I love reading this book and would definitely recommend it to anyone interested in getting the basics of really cute obento theory and presentation.
on June 29, 2010
As a public school teacher, it's easy to see how kids are not at all enthused about eating their meals, or being picky about veggies. You would too, if you were faced with bland, colorless, unappetizing fare on a daily basis (no offense meant to our hardworking cafeteria staff, I'm perfectly aware it's hard to cook for hundreds of kids with different tastes on a certain budget everyday!). However, if their parents used a resource book like this to create nutritious meals for them, chances are very high that these aforementioned problems will go away. Love is in the making, and there's hard evidence to eat! Yum!
As an Asian, it seems to me that bento is one of the super kid-friendly meals we have. I remember growing up using bento boxes as baon and eating every single grain of rice! Too bad the characters - if there were any - weren't as cute as the ones in this book, but at least I'll have ideas for my kids. It's so easy, we can make these when my students have a lesson that involves cooking & nutrition! They actually had a taste of it when we had a hanami by the Tidal Basin this past Cherry Blossom Festival - and even those that professed a dislike for veggies ate the cucumber pickles!
This book allows people who are first-time bento makers to have an idea of how easy it can be to make, given easy-to-follow instructions and colorful graphics that enable one to see the finished product. The only problem is, having to give it away before you eat all of the kawaii food you just made.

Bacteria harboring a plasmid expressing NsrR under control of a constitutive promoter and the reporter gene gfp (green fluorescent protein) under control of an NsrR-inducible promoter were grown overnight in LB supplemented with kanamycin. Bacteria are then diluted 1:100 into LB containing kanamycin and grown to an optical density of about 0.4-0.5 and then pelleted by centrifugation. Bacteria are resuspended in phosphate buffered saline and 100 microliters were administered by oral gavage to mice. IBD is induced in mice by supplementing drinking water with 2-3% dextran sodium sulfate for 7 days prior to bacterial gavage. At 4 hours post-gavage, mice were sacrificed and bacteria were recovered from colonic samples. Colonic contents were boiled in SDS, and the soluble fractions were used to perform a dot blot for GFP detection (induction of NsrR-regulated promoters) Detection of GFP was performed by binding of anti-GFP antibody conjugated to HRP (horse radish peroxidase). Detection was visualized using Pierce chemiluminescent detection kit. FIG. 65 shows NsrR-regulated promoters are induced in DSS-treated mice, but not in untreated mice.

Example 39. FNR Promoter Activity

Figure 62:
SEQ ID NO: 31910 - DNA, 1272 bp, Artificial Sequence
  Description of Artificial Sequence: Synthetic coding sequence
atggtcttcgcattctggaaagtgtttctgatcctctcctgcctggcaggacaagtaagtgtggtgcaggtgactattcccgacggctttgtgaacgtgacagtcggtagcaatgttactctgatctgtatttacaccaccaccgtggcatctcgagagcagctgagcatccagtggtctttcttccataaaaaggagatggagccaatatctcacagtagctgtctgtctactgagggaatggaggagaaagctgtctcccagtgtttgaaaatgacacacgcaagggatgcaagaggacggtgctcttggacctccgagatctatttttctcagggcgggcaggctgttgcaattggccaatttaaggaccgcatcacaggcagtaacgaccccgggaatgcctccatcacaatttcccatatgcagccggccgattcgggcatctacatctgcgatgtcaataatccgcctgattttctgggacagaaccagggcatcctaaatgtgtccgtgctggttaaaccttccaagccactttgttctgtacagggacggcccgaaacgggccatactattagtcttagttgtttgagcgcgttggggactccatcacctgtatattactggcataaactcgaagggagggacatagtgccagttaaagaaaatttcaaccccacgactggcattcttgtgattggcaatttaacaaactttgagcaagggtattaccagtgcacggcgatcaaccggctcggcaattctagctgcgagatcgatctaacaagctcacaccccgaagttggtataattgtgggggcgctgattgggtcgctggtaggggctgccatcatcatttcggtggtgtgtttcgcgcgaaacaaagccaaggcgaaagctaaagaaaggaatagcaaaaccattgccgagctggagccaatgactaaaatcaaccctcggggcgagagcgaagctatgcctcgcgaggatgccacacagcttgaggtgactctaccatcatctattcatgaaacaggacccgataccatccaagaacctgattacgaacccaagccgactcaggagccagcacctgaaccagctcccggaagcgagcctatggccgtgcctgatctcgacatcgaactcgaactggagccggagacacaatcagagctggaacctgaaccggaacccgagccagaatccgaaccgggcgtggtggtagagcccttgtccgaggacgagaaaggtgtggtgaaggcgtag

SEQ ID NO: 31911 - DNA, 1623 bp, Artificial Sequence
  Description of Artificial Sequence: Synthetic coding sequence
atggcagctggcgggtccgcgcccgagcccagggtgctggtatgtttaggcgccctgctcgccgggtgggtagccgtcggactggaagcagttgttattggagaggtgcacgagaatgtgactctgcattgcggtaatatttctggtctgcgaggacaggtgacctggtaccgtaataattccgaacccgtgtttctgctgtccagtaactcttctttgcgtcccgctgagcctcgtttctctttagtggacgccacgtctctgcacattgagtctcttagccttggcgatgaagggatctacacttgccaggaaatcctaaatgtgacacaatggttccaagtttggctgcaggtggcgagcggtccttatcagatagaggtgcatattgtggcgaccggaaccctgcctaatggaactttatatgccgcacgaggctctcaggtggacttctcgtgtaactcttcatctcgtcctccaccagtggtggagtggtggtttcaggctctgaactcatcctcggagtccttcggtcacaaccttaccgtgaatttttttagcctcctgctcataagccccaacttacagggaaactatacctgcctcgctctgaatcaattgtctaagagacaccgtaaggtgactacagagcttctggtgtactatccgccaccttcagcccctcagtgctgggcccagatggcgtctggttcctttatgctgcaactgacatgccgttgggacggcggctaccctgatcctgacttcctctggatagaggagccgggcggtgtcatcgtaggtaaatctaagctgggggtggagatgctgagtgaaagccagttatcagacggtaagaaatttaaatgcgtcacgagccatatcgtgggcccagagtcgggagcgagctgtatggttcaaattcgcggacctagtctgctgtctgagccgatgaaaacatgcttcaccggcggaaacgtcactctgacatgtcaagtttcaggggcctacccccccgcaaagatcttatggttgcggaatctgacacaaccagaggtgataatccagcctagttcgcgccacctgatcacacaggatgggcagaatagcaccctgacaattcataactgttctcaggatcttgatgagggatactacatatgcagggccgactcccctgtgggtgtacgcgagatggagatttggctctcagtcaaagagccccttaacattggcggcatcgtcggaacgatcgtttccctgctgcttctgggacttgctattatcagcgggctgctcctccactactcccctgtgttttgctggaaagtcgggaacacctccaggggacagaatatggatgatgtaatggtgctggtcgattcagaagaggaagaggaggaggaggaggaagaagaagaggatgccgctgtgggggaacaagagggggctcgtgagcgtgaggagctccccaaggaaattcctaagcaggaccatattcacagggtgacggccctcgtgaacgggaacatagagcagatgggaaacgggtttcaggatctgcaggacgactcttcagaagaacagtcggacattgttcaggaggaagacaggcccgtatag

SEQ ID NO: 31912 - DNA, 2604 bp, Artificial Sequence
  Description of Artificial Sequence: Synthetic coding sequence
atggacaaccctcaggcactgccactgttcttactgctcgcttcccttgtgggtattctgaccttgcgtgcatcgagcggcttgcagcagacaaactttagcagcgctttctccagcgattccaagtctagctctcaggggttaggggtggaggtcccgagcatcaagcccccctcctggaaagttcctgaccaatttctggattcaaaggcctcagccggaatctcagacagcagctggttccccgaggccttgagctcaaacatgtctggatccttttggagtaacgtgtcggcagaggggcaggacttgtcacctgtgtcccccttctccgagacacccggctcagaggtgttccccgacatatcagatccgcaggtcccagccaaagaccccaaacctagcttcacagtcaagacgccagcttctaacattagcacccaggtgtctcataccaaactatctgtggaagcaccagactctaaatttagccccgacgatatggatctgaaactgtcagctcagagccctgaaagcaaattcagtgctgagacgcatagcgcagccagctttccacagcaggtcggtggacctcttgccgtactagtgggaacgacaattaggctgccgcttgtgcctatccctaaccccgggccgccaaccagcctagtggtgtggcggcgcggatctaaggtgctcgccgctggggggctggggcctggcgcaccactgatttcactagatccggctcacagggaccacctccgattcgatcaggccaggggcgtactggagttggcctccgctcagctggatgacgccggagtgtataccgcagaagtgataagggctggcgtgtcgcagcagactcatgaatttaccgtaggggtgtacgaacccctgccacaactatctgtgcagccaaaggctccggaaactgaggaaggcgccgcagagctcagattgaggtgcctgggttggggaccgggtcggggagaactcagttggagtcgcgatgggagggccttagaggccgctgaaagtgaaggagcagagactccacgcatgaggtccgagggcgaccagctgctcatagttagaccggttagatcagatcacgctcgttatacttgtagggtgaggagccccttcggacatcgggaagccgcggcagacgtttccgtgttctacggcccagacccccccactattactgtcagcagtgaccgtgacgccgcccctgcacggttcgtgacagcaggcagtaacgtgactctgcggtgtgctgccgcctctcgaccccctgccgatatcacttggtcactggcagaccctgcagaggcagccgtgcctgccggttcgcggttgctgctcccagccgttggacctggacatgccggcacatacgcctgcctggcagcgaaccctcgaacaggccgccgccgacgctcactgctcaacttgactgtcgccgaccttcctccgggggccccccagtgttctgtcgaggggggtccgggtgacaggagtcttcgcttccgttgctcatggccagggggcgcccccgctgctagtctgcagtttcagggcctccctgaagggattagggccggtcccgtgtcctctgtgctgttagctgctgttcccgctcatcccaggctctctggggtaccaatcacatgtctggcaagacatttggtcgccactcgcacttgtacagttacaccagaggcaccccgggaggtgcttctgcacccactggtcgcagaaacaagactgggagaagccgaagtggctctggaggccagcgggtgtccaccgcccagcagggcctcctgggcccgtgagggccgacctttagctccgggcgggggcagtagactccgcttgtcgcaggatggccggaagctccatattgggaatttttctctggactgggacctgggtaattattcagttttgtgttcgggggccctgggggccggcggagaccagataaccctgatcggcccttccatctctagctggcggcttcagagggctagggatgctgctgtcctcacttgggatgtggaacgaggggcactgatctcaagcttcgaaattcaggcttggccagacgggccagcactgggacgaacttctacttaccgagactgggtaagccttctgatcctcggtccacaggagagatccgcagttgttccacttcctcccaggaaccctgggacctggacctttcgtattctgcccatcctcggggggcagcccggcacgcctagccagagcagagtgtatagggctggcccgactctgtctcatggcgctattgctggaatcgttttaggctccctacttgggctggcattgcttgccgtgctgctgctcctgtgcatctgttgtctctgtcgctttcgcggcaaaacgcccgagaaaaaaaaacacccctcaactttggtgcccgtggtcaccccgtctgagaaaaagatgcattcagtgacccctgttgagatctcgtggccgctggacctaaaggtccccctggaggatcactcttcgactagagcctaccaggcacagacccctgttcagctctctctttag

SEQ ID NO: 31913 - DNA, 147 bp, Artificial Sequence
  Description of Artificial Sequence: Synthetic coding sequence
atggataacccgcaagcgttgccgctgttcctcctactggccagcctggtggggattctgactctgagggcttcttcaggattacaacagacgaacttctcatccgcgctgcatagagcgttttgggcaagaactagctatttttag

There aren't too many English bento books that are this clear and "idiot"-proof. It even gives you a time frame so you can work it into your busy schedule. Try it, you'll like it!
Below is my comment for Ms. Negative Reviewer, in case you don't get to read it. To think that the authors she mentioned are close friends of Maki-sensei and even recommend this book - why would they do that if they were copied, right?
* I would think that kyaraben & oekakiben aren't copyrighted - even those authors mentioned by Ms. Negative Reviewer may not even have had the most original designs - and if a book is useful and allows English speakers to access making kawaii bento better, it should have a place on any bento fan's bookshelf. Now that I've read this review and comments, I'm buying this book (good thing the store is within walking distance) as well as recommend it to others, so no fear, Maki-sensei! <3
on July 6, 2012
I have a picky five year old, and I started making bento boxes for her lunches in order to inspire her to try new things and have her venture away from the ham and mustard sandwich her dad had been packing her every day for months. It really did work!